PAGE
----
Look at these figures and decide for yourself which direction we are heading in on the basis of the current economic policies. Is there any element of surprise in this report for those who argue for radically changing the social and economic structure and policies? This report clearly shows how the most backward and underdeveloped rural areas have been neglected by successive governments. Pakistan’s ruling class has failed to solve the agrarian question and transform the lives of the rural population. The rural population still needs jobs, economic opportunities and the bare essentials of life.

Poverty and economic policies: Part – I
SOURCE: The News International
Friday, October 20, 2017

In 1992, the UN declared October 17 as the International Day to Eradicate Poverty. Since then, on this day governments around the world pledge to reduce poverty and eradicate extreme poverty. However, all the pledges, promises and slogans to end abject poverty have failed to improve the situation for nearly 1.70 billion people around the world who still live in poverty.

The real question is whether we can eradicate – or rather reduce – poverty without changing economic policies and redistribution of wealth.

Capitalist ruling elites around the world have failed to address this acute problem, and poverty is a by-product of the existing social and economic system.

The system we have for producing and distributing wealth is capitalist in nature. It is organised in ways that allow a small elite to control most of the capital – factories, machinery, tools, land – used to produce wealth. This encourages the accumulation of wealth and income by the elite and regularly makes heroes of those who are most successful at it.

It also leaves a relatively small portion of income and wealth to be divided among the rest of the population. With a majority of the people competing over what’s left to them by the elite, it is inevitable that a substantial number of people are going to wind up on the short end – living in poverty or with the fear of it much of the time.

In part, then, poverty exists because the economic system is organised in ways that encourage the accumulation of wealth at one end and create conditions of scarcity that make poverty inevitable at the other. But the capitalist system generates poverty in other ways as well. In the drive for profit, for example, capitalism places a high value on competition and efficiency. This motivates companies and their managers to control costs by keeping wages as low as possible and replacing people with machines or replacing full-time workers with part-time workers. That makes it a rational choice to move jobs to regions or countries where labour is cheaper and workers are less likely to complain about poor working conditions, or where laws protecting the natural environment from industrial pollution or workers from injuries on the job are weak or unenforced. Capitalism also encourages owners to shut down factories and invest money elsewhere in enterprises that offer a higher rate of return.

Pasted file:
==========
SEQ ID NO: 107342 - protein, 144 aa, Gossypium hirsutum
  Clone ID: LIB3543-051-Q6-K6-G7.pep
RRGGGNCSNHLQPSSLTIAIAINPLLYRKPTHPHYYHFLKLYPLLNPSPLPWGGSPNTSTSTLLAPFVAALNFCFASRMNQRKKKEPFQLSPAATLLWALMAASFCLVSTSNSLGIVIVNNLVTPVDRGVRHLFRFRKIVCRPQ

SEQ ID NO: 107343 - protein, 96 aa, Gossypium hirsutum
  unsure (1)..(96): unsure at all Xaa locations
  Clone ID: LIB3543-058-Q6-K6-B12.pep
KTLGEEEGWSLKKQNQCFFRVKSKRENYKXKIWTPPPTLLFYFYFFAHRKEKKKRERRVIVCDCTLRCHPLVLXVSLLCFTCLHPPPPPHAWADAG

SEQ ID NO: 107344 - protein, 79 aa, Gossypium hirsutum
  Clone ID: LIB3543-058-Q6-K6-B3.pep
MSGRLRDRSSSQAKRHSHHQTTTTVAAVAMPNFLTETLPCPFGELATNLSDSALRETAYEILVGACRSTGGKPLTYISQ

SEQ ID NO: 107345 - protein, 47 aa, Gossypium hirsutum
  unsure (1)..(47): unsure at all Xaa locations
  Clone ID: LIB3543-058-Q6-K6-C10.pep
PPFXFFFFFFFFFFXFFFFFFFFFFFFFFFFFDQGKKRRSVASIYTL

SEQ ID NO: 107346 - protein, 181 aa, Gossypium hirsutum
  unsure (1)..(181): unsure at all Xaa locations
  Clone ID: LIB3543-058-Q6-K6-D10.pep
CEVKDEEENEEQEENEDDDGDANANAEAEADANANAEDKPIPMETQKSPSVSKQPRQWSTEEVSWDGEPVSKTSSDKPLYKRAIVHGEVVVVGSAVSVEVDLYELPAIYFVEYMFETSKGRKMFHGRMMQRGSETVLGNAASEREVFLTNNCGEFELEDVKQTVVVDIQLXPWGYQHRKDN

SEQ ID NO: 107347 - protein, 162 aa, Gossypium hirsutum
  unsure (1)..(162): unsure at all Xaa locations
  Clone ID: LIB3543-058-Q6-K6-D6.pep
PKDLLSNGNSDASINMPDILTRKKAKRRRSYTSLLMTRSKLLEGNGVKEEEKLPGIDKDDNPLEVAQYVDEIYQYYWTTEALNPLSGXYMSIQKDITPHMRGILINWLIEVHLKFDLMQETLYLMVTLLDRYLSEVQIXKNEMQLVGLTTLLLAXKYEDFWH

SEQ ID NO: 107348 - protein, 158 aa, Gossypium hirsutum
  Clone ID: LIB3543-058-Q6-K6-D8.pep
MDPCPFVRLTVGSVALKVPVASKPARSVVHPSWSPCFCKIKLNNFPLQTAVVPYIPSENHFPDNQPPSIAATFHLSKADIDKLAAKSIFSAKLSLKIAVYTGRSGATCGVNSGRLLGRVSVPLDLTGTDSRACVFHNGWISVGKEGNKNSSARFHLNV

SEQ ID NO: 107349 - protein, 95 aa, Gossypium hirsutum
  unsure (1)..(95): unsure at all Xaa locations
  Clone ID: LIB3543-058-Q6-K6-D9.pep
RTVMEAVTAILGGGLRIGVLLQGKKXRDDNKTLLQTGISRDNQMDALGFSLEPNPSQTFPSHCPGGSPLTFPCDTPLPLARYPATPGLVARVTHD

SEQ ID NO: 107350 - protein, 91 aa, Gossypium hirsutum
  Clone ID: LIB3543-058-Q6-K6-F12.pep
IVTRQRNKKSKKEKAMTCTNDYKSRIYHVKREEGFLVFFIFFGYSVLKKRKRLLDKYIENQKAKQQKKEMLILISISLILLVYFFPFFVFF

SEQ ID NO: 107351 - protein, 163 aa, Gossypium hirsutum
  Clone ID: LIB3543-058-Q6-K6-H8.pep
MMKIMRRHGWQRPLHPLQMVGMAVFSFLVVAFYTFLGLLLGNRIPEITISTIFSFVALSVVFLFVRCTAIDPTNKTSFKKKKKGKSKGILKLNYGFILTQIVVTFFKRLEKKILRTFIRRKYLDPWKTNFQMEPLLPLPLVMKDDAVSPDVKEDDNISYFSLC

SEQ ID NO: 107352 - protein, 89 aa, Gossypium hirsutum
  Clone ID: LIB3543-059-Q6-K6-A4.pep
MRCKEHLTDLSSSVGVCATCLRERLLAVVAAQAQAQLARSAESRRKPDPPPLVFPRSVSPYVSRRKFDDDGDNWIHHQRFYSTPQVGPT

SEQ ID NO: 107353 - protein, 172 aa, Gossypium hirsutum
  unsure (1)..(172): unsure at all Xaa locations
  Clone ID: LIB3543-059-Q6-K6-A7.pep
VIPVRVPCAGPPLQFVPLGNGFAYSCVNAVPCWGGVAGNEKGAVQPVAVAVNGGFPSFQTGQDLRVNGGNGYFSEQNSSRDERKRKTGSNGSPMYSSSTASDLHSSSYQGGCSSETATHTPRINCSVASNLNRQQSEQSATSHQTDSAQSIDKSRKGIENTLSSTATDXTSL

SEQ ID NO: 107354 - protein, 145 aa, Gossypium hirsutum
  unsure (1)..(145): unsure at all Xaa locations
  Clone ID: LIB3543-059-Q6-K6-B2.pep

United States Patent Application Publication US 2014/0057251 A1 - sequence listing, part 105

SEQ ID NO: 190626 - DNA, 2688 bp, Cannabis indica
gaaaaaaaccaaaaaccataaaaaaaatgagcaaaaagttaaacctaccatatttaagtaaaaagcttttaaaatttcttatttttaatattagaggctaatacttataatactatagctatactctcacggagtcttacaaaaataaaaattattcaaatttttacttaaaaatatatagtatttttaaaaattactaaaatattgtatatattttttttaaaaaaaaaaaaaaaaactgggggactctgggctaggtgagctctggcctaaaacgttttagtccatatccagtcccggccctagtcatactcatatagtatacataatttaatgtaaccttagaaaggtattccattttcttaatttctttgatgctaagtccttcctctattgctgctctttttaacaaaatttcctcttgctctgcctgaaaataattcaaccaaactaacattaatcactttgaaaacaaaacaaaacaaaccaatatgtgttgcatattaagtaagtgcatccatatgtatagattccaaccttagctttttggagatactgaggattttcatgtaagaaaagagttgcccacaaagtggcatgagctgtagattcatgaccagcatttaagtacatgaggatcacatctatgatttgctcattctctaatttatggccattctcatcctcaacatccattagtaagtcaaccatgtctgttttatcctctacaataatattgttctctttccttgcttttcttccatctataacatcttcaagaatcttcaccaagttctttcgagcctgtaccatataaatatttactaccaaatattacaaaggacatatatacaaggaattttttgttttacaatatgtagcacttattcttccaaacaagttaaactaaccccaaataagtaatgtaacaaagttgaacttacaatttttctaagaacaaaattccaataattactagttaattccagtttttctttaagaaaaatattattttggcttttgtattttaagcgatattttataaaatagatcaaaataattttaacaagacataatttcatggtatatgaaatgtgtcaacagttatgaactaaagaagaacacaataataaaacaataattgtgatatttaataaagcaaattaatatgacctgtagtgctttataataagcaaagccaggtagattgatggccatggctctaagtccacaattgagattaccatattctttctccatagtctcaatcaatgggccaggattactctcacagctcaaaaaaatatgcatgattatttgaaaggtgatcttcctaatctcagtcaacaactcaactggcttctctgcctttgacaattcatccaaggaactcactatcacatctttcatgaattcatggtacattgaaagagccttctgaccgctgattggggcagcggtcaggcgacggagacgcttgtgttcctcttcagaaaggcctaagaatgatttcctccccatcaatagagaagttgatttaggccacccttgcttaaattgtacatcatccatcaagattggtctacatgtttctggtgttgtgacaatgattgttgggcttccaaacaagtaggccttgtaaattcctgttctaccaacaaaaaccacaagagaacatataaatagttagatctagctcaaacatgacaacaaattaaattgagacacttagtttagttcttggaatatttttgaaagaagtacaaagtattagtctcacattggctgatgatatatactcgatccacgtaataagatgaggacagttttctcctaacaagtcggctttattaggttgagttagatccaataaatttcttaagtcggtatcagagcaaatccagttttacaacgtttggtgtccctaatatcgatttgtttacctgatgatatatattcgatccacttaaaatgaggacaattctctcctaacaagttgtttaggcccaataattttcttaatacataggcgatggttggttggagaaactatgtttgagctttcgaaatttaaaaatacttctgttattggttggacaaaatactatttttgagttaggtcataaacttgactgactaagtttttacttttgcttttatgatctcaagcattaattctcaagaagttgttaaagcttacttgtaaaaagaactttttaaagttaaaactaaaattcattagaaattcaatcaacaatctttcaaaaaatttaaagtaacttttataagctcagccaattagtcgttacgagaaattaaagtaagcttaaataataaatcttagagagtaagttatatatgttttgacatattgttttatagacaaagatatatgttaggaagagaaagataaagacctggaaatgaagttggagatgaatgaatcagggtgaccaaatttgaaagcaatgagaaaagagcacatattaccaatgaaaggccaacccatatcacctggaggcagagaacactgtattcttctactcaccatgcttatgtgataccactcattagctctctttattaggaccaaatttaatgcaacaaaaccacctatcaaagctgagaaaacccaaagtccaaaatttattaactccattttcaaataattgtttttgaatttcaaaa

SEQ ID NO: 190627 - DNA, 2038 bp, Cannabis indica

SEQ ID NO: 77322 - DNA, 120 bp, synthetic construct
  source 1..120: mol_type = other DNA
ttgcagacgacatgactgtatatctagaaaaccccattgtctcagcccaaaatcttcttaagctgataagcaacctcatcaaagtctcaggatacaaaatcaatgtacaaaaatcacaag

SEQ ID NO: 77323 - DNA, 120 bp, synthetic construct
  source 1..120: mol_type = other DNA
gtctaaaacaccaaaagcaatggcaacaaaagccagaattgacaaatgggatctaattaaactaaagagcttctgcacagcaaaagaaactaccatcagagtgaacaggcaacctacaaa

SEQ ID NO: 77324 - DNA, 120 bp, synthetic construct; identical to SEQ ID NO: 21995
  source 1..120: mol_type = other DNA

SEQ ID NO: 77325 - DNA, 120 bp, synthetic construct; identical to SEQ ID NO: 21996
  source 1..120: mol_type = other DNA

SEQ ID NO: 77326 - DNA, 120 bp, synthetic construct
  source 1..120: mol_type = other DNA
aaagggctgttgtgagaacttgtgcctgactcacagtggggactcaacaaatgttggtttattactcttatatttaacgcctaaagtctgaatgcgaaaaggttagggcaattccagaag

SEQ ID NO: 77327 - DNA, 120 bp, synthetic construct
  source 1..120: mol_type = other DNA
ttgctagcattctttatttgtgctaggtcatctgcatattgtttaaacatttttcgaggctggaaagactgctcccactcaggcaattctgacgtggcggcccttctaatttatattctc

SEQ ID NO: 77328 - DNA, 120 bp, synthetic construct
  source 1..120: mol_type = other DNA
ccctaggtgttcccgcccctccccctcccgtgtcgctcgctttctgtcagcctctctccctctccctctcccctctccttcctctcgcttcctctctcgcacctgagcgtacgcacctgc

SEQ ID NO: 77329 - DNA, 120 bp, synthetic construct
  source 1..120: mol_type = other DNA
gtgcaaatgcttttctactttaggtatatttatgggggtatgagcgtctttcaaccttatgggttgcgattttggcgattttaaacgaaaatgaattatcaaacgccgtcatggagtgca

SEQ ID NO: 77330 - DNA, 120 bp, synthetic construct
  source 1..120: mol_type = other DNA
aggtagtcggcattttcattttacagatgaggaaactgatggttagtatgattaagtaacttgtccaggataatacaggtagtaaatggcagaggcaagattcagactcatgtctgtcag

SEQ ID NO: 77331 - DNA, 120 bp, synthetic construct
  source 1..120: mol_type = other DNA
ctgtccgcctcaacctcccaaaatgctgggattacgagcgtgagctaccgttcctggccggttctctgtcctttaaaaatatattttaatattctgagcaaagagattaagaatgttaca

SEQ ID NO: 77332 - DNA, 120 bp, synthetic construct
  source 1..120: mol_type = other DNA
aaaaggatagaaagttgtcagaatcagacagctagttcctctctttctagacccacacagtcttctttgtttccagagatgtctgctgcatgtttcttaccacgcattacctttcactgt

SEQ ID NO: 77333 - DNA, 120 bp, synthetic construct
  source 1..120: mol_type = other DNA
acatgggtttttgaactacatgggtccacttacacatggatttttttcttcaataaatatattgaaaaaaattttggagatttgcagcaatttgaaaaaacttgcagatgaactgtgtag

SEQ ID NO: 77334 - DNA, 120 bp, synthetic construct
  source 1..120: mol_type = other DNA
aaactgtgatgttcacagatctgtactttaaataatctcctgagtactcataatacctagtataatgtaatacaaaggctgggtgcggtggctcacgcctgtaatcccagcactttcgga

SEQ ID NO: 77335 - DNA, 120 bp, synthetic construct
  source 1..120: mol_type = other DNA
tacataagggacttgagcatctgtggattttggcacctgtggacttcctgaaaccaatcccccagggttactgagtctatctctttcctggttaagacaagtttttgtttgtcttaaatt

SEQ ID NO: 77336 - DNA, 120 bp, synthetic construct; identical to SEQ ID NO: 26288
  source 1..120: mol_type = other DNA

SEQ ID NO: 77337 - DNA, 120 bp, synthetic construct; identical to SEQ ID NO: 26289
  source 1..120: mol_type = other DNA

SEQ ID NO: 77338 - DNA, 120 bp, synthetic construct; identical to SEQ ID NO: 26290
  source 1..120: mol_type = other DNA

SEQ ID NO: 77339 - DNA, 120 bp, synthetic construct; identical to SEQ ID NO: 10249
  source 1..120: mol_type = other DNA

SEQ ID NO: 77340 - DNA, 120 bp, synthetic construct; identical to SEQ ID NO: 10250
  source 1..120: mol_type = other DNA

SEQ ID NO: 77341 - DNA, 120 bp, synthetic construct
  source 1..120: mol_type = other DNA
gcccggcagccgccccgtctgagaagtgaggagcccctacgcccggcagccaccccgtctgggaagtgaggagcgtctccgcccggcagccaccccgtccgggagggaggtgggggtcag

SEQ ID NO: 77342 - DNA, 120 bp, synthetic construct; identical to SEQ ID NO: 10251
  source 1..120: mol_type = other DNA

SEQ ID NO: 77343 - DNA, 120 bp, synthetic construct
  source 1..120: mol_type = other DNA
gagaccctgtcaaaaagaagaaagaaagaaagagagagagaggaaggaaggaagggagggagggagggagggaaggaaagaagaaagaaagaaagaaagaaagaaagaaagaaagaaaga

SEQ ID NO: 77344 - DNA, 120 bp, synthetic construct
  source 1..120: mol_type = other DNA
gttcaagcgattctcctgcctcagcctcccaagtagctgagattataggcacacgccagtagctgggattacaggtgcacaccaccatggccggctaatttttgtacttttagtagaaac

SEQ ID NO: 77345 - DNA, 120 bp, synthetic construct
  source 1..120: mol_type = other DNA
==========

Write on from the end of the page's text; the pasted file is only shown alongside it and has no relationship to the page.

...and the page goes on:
These kinds of decisions are a normal consequence of how capitalism operates as a system. But the decisions also have terrible effects on tens of millions of people and their families and communities. Even a full-time job is no guarantee of a decent living, which is why so many families depend on the earnings of two or more adults just to make ends meet. All of this is made possible by the simple fact that in a capitalist system most people neither own nor control any means of producing a living without working for someone else.

Clearly, patterns of widespread poverty are inevitable in an economic system that sets the terms for how wealth is produced and distributed. If we’re interested in doing something about poverty itself – if we want a society largely free of impoverished citizens – then we’ll have to do something about both the system people participate in and how they participate in it. But public debate about poverty and policies to deal with it focus almost entirely on the latter with almost nothing to say about the former.

What generally passes for ‘liberal’ and ‘conservative’ approaches to poverty are, in fact, two variations on the same narrow theme of individualism.

It may mean that capitalism is in some ways incompatible with a just society in which the excessive well-being of some does not require the misery of so many others. It won’t be easy to face up to such possibilities, but if we don’t we will guarantee poverty its future and all the conflict and suffering that go with it.

Poverty kills people silently. Poor people die because they can’t get food, shelter, healthcare. They can’t spend money on safety and education. Low incomes force them to live in poverty.

It is not polite to talk about all this. We talk about the poverty rate or the poverty level or the poverty gap, but not about children catching fire and adults wasting away. We talk about economic development and markets and education, not the people who die each year coughing blood as tuberculosis takes over their body. They don’t die from tuberculosis.

They die because they have no awareness about it. They even die when the government provides them medicines. They die because they live in unhygienic conditions and can’t afford decent food to survive. It is easier to believe that poverty causes people to wear old clothes, live in small houses, or forego owning a television than it is to admit that people on the bottom of the socioeconomic ladder often die early as a result of that poverty.

Poverty doesn’t just hurt your body, it also hurts your soul. Poverty kills dreams and murders hope. It squashes every last ounce of ambition; it impacts the old, but targets the young. It steals more than full bellies and healthy bodies; it suffocates the future and squanders potential.